Sounds presented via headphones are typically perceived inside the head. However, the illusion of a sound source located out in space away from the listener’s head can be generated with binaural headphone-based auralization systems by convolving anechoic sound signals with a binaural room impulse response (BRIR) measured with miniature microphones placed in the listener’s ear canals. Sound externalization of such virtual sounds can be very convincing and robust but there have been reports that the illusion might break down when the listening environment differs from the room in which the BRIRs were recorded [1,2,3]. This may be due to incongruent auditory cues between the recording and playback room during sound reproduction . Alternatively, an expectation effect caused by the visual impression of the room may affect the position of the perceived auditory image . Here, we systematically investigated whether incongruent auditory and visual roomrelated cues affected sound externalization in terms of perceived distance, azimuthal localization, and compactness.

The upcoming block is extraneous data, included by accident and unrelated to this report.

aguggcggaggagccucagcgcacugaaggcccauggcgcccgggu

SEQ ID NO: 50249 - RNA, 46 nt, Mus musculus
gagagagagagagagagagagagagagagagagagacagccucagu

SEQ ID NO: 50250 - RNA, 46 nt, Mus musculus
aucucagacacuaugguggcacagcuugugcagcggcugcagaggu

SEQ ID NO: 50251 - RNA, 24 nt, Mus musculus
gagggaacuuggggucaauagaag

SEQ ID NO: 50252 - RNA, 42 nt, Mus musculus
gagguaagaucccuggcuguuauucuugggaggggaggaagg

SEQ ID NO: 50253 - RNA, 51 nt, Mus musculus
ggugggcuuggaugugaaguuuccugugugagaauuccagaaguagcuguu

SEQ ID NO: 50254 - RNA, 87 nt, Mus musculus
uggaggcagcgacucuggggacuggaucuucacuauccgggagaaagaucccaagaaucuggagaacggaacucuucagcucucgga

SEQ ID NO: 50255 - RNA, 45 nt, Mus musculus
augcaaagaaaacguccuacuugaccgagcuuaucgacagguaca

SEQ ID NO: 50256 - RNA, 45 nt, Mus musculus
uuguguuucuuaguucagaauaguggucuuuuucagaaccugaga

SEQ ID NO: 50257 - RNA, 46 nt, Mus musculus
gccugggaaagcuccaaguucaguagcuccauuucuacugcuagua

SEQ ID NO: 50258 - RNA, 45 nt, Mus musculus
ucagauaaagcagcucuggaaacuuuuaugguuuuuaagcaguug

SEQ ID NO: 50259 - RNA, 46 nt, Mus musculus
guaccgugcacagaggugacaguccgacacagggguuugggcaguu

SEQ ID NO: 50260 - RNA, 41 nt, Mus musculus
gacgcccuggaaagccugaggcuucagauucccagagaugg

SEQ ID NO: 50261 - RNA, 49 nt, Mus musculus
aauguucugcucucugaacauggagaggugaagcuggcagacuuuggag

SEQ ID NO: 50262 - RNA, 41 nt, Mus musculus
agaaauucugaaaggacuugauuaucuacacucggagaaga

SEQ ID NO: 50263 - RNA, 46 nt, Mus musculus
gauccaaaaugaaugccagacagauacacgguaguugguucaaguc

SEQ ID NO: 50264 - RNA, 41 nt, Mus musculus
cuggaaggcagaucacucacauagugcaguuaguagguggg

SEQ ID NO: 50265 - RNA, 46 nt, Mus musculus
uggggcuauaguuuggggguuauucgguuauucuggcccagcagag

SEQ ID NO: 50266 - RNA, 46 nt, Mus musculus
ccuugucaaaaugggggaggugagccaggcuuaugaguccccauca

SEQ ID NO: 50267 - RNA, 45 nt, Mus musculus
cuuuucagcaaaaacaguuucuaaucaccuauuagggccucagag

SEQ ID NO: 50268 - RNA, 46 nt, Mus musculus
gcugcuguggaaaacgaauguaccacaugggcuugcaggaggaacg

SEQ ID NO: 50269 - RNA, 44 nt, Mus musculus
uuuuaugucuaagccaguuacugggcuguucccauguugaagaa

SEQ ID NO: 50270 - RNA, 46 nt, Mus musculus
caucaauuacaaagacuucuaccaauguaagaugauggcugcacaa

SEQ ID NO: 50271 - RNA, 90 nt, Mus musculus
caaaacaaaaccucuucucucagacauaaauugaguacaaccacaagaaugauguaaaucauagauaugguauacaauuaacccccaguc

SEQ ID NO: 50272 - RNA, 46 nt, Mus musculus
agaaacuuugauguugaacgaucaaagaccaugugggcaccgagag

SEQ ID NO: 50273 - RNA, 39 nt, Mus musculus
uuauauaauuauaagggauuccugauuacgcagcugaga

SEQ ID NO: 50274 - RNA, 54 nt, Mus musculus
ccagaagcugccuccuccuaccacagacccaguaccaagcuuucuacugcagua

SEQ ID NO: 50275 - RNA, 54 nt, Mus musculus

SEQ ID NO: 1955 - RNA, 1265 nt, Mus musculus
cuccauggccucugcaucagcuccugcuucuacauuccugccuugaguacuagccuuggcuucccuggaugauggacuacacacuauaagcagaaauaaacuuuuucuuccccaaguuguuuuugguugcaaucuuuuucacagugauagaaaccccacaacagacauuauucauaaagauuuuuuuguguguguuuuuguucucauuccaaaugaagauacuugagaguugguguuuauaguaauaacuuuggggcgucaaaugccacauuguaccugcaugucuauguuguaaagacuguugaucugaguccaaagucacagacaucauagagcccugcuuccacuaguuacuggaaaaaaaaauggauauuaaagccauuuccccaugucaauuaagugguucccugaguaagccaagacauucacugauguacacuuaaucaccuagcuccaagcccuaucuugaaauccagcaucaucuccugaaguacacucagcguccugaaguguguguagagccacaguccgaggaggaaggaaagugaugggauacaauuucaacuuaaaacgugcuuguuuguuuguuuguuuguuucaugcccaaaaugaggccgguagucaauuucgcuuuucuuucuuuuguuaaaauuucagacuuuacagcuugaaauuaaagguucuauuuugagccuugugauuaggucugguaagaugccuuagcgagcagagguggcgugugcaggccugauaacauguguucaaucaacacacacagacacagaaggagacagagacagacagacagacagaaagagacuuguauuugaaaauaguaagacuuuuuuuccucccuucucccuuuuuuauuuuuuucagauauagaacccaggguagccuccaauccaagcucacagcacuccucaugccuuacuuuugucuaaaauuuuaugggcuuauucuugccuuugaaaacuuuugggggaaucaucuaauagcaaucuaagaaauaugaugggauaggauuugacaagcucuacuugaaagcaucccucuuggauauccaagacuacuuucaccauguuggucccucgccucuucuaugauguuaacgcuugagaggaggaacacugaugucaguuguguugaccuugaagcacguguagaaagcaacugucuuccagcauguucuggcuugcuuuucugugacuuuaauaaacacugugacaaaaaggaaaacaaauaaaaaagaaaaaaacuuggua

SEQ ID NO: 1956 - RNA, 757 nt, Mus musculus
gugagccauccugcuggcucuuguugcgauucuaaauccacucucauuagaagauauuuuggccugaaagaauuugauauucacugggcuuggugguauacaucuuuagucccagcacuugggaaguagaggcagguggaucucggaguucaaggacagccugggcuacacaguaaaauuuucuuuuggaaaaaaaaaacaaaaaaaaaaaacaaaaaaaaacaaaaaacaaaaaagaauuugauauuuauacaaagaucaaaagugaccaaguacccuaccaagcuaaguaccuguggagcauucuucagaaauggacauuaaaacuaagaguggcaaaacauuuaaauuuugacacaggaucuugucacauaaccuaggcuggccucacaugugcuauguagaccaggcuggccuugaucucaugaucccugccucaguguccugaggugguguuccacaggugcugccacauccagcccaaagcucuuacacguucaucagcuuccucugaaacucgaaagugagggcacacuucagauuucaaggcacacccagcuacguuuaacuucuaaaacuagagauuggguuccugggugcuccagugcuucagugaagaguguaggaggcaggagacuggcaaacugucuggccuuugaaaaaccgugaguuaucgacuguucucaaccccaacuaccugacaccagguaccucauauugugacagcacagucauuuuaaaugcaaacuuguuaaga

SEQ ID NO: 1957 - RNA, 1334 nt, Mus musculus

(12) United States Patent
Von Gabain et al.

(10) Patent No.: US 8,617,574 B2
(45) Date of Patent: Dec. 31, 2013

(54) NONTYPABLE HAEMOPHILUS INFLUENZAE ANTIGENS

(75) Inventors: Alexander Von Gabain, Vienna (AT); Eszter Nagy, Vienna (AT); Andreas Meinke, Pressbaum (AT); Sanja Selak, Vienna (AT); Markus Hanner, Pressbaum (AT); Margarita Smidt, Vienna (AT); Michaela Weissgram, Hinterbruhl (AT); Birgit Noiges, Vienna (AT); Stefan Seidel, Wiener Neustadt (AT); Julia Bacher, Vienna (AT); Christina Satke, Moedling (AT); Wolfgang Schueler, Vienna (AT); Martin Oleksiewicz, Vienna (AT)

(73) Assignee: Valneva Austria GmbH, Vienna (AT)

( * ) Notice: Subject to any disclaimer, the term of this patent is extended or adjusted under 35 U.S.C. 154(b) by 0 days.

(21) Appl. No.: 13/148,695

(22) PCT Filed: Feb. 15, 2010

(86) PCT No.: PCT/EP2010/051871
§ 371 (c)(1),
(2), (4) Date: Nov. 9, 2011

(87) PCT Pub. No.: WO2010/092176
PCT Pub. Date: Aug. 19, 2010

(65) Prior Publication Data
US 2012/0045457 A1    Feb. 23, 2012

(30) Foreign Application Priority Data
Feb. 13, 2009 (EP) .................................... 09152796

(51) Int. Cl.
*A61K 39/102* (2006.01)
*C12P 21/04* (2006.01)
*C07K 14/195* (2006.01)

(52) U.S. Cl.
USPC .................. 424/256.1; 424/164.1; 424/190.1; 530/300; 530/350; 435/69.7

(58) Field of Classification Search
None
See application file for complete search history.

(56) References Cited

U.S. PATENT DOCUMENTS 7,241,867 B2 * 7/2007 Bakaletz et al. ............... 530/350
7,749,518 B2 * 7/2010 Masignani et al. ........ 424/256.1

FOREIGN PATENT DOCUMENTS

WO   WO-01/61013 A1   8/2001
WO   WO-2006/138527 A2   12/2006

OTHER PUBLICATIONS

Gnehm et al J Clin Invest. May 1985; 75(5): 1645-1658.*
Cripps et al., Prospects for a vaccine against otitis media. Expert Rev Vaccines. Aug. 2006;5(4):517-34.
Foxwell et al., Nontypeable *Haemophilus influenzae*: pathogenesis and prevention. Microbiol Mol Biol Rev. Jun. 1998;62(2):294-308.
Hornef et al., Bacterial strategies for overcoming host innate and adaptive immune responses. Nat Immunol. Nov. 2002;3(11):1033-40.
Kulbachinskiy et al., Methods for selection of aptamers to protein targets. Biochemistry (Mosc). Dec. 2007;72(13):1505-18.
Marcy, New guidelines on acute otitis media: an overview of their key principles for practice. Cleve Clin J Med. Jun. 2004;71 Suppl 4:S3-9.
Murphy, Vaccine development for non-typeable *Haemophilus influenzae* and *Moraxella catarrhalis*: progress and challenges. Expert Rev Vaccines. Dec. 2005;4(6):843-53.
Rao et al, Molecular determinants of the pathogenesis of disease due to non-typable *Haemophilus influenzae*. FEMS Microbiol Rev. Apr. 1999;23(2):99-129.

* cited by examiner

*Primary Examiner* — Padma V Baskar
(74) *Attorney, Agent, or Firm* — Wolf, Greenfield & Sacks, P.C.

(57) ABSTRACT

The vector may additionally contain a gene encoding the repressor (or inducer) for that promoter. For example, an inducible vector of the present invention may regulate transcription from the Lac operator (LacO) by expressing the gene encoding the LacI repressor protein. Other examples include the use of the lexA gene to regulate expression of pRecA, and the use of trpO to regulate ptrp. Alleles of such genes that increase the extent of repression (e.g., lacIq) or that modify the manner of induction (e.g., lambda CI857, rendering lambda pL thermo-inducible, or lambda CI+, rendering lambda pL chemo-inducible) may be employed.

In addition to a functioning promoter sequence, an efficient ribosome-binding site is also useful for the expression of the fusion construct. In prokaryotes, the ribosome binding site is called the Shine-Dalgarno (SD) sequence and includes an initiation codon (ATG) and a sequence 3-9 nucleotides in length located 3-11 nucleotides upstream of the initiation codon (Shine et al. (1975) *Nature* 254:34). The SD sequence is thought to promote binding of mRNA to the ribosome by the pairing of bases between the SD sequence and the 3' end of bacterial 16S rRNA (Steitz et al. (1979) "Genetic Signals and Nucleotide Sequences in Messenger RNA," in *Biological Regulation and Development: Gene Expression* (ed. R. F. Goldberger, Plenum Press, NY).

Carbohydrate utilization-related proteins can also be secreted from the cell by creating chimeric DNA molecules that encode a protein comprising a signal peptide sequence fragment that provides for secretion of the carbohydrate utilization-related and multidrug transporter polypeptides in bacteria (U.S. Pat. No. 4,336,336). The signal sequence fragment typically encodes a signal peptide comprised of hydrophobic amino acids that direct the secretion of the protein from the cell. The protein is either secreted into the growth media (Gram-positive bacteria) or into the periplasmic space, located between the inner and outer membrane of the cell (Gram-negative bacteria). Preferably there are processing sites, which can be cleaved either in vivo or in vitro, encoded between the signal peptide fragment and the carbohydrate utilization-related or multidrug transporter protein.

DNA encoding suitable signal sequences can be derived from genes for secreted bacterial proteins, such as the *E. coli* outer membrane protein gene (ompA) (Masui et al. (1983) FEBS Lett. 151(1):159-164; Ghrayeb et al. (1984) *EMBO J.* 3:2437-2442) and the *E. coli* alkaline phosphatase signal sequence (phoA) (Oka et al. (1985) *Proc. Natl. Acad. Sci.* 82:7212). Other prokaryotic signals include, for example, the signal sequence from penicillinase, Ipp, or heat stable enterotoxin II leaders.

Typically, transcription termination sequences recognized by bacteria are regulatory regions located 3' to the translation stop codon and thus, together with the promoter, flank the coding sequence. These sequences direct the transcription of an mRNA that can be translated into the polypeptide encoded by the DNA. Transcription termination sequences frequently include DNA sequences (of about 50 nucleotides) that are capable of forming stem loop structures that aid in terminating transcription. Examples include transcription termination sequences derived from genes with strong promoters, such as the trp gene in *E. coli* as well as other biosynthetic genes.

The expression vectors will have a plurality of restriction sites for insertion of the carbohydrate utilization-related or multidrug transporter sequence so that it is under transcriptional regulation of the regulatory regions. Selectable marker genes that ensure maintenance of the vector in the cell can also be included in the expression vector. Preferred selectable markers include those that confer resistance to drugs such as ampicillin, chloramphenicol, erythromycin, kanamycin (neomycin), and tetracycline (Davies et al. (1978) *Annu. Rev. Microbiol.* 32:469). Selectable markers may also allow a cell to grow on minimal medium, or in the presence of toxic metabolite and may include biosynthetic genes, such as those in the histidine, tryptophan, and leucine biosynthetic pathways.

|Publication status||Published - 2015|
|Event||Tenth anniversary symposium of the international laboratory for Brain, Music, and Sound Research: BRAMS: The Next Ten Years - Montréal, Canada|
Duration: 21 Sep 2015 → 23 Sep 2015
|Conference||Tenth anniversary symposium of the international laboratory for Brain, Music, and Sound Research|
|Period||21/09/2015 → 23/09/2015|